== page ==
Tony Rosenthal

(1914 - 2009)

About The Artist

With a long and distinguished career lasting over seven decades, Tony Rosenthal (1914-2009) is still celebrated for his memorable and monumental public sculptures. Known primarily for his monumental outdoor sculptures.  Always exquisitely crafted, Rosenthal’s prominent welded metal works exhibit a unique sensitivity to site, form and material and, in their busy urban locations, continue to be enjoyed by a diverse public.

Born Bernard Rosenthal in Highland Park, Chicago, Rosenthal first studied art during high school at the Art Institute of Chicago, at his mother’s behest. He continued to take art courses while getting his BA at the University of Michigan, and upon his return to Chicago he took up a position as studio assistant for Ukrainian-born sculptor Alexander Archipenko. The influence of Archipenko’s practice can be seen in Rosenthal’s early work, which shares his master’s interest in interlocking, representational forms rendered in bronze. In 1939 Rosenthal enrolled at the Cranbrook Academy of Art, and in the same year his first public sculpture was exhibited at the World’s Fair in New York. During the Second World War, he was stationed in England where he encountered the work of Henry Moore, whose work was an important reference for the artist.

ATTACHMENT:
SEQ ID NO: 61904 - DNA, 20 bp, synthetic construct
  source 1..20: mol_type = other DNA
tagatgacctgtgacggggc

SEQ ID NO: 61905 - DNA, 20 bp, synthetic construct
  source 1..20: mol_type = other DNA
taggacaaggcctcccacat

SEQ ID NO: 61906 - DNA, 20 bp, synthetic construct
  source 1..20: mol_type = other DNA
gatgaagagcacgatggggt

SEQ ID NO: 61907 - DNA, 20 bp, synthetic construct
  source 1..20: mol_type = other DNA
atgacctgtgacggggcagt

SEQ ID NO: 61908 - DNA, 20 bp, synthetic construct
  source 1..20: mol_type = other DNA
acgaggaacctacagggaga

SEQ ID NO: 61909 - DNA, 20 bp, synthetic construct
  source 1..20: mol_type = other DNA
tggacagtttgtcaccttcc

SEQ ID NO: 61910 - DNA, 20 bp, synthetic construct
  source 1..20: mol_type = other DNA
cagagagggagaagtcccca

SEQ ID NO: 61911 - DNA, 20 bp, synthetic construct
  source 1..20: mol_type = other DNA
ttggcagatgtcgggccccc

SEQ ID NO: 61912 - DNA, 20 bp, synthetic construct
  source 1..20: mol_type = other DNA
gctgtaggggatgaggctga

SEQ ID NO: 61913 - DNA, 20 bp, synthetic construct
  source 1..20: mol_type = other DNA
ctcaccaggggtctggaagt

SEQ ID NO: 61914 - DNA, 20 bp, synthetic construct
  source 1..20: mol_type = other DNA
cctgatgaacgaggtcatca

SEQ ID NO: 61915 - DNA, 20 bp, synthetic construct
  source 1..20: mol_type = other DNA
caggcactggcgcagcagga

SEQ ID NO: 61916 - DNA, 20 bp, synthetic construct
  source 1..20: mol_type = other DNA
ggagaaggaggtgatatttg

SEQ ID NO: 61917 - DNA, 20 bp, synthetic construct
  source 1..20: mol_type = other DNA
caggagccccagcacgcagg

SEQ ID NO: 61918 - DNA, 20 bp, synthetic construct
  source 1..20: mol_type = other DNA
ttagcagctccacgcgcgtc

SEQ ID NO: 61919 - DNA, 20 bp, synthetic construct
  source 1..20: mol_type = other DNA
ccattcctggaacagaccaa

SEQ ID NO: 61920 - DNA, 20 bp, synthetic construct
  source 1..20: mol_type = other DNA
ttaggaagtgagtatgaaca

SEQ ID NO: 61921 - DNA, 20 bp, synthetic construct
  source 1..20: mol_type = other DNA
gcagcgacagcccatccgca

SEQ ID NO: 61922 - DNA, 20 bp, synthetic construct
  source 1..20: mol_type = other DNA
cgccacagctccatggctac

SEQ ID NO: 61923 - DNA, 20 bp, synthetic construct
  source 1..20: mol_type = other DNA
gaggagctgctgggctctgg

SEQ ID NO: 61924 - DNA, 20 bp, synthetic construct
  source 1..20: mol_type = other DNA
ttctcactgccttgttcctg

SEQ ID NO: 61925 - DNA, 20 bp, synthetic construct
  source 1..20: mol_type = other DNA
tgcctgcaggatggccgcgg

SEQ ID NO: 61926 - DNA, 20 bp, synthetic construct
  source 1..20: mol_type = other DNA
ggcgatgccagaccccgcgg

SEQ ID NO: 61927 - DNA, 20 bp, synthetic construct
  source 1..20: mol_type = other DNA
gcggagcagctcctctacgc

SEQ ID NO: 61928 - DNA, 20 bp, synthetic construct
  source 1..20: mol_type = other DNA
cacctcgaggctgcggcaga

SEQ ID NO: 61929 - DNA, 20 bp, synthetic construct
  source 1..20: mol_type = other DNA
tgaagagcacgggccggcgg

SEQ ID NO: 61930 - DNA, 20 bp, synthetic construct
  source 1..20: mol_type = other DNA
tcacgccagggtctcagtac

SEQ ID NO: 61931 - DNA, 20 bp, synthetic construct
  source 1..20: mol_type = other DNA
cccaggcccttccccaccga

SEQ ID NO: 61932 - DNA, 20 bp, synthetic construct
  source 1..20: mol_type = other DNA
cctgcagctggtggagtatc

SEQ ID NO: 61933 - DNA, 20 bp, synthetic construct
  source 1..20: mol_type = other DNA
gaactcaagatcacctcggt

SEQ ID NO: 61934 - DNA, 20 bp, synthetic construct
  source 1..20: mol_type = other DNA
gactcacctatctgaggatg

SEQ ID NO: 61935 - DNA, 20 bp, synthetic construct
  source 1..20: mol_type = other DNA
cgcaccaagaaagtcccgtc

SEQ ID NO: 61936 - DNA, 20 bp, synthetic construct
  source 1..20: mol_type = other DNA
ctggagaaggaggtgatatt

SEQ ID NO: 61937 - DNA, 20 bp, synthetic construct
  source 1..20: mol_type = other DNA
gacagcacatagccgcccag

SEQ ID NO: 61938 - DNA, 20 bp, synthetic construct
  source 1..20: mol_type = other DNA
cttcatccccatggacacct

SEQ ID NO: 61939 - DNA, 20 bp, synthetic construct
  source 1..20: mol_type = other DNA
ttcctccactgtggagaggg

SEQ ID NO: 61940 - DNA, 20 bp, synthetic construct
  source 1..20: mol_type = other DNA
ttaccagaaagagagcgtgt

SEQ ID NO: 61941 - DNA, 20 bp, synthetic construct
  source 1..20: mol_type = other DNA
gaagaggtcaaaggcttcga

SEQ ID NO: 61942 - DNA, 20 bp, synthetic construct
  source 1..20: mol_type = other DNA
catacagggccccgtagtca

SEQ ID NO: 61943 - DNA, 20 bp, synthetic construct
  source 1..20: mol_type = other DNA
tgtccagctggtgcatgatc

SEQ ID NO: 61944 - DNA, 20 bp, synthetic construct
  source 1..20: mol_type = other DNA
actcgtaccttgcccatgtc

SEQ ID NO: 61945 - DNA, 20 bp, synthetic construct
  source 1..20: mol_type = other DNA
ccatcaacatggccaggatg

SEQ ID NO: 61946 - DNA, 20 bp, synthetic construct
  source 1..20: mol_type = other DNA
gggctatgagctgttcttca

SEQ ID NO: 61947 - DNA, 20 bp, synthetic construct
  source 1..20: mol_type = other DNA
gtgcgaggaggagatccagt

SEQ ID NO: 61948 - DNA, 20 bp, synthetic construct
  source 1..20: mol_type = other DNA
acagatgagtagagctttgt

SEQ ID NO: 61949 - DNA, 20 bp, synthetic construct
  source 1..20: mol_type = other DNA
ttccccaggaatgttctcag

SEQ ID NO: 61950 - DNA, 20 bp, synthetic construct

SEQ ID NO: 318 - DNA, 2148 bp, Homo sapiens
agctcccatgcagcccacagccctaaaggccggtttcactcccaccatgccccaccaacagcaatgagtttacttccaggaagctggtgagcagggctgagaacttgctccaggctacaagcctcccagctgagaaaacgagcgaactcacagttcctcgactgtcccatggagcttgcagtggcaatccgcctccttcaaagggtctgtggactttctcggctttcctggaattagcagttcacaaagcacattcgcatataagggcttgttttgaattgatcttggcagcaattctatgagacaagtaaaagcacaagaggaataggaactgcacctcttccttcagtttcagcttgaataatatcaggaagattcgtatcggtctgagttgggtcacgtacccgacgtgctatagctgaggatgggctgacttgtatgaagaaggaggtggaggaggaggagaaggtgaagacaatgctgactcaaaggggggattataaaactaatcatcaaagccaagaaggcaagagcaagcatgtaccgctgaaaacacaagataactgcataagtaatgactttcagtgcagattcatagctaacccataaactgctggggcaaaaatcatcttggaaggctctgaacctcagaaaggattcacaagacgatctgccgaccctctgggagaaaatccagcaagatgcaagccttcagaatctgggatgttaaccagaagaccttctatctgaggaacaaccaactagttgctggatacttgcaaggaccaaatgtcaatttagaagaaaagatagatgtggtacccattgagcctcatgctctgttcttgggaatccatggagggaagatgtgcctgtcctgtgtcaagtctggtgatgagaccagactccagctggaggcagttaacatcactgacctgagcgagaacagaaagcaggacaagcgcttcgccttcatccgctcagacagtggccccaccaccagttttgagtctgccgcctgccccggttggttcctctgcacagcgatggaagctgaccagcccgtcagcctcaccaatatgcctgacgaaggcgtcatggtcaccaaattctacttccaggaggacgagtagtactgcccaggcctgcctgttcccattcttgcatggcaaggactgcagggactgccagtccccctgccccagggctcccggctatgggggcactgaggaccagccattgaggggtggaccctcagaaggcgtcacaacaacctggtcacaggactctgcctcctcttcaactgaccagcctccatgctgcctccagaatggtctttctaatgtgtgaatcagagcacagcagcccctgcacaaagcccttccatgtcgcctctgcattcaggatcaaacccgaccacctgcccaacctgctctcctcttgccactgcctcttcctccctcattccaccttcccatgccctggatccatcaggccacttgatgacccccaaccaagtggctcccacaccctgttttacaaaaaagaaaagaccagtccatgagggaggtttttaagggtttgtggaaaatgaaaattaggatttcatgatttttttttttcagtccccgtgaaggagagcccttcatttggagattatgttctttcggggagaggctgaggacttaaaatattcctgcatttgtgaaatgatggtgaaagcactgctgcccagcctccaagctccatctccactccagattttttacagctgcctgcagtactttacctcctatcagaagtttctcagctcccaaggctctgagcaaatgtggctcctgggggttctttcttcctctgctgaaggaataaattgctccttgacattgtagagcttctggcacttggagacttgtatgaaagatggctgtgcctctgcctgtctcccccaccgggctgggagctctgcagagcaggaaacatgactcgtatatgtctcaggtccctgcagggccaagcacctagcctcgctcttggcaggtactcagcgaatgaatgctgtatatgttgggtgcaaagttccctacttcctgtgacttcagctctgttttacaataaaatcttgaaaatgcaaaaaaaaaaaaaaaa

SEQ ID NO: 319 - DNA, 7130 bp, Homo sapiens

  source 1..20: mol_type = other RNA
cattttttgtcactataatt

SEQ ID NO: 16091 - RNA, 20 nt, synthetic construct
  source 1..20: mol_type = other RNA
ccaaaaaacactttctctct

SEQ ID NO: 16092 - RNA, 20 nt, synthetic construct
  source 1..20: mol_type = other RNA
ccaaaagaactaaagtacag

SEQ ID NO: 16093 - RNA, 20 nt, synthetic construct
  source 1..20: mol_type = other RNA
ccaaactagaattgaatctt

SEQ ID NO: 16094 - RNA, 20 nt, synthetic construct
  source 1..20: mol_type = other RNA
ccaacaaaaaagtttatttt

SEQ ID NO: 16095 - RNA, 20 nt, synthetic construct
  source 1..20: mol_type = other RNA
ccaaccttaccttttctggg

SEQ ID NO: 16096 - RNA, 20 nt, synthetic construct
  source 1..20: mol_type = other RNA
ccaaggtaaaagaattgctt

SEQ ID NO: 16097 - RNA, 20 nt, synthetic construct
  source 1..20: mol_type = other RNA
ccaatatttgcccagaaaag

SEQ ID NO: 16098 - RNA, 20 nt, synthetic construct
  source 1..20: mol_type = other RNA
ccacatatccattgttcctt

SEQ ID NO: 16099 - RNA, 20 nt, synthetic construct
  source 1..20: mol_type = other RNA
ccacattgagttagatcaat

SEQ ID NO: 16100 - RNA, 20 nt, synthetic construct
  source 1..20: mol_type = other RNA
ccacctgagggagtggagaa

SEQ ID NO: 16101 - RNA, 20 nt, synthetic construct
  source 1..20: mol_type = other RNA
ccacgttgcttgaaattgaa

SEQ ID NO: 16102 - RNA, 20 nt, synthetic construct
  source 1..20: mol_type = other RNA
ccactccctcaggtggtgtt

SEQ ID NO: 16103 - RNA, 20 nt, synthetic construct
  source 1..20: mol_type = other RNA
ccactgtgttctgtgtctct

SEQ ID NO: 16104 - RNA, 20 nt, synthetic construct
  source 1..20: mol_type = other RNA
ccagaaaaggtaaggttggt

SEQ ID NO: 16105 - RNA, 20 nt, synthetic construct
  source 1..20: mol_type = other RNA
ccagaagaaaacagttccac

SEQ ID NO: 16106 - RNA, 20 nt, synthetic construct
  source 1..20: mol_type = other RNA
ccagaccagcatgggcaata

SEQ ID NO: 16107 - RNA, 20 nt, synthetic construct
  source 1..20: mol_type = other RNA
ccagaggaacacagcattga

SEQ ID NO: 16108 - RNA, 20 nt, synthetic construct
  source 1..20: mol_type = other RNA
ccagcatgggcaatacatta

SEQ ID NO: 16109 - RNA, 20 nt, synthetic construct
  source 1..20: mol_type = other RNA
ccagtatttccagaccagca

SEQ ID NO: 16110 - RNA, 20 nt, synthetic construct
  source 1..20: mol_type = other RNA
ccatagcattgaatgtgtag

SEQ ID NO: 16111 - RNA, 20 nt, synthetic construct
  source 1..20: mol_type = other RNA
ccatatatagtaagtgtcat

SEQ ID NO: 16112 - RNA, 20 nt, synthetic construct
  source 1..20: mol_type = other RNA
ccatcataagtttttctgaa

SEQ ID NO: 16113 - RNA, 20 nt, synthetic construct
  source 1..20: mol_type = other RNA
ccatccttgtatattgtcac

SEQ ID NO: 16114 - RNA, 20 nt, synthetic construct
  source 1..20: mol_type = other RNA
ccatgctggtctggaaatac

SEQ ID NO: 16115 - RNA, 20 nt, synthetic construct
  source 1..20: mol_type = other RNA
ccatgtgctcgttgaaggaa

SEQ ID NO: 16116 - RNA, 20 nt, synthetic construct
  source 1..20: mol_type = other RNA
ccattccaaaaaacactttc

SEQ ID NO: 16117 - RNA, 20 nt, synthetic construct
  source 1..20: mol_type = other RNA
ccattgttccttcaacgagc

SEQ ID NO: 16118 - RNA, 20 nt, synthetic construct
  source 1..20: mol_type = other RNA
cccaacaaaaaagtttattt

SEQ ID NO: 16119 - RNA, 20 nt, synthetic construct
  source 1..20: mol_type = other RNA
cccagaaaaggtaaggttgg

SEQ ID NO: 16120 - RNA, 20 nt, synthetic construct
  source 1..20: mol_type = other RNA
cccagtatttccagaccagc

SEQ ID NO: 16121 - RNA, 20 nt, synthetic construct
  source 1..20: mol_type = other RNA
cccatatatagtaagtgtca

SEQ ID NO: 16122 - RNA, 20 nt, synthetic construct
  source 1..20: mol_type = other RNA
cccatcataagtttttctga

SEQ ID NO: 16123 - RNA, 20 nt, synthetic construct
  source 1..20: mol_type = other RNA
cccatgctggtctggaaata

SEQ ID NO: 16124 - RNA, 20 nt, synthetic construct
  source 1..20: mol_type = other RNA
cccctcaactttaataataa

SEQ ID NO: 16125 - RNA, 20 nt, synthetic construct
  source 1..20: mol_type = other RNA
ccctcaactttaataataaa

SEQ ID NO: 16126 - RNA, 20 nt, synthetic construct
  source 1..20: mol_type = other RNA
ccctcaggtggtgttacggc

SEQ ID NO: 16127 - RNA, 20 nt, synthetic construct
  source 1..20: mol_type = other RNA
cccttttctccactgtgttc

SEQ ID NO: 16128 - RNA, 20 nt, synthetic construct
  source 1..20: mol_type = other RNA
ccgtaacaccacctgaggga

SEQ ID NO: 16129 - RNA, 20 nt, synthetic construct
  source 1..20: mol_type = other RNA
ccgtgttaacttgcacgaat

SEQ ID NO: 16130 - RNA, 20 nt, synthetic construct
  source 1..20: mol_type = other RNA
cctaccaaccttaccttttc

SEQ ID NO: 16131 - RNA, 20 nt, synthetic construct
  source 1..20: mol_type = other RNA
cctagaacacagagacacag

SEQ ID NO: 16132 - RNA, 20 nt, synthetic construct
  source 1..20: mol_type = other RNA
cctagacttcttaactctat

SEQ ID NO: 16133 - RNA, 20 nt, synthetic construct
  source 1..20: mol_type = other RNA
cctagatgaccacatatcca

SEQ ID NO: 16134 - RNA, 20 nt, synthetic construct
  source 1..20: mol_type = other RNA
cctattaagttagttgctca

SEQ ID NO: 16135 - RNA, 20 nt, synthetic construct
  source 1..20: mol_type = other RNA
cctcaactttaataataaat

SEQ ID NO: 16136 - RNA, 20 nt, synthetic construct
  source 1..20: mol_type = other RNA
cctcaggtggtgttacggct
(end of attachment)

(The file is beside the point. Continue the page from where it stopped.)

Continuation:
On his return to the United States, Rosenthal began to earn a series of significant commissions for the headquarters of companies such as General Petroleum (in 1949) and IBM (in 1958). However, toward the beginning of the 1960s, Rosenthal’s work was undergoing a shift from figuration to dynamic abstraction, brought about by his interest in Abstract Expressionism. With the arrival of Minimalism, Rosenthal’s work soon morphed into the geometric form that he is most famous for. His best known work is Alamo (1967), a 15 foot Cor-Ten steel sculpture located in Astor Place, Manhattan. Also known as “The Cube,” this work was initially commissioned as a temporary installation, as part of the outdoor exhibition “Sculpture in Environment. While controversial at first, it soon became acknowledged as a major landmark in the city.

Rosenthal’s work is held in various important collections including the Israel Museum, Jerusalem; Museum of Contemporary Art North Miami; Los Angeles County Museum of Art; Long Beach Museum of Art; Museum of Modern Art, New York; Solomon R. Guggenheim Museum, New York; Whitney Museum of American Art, New York; Yale University Art Gallery, New Haven; National Gallery of Art, Washington D.C.; Smithsonian American Art Museum, Washington D.C.; Pyramid Hill Sculpture Park & Museum, Hamilton, OH; Cranbrook Art Museum, Bloomfield Hills, MI; and Laumeier Sculpture Park, Saint Louis.


"Biography." Web, Jan, 18, 2017.


Price, M.N. The Abstract Impulse: Fifty Years of Abstraction at the National Academy. Hudson Hills, 2007. 73.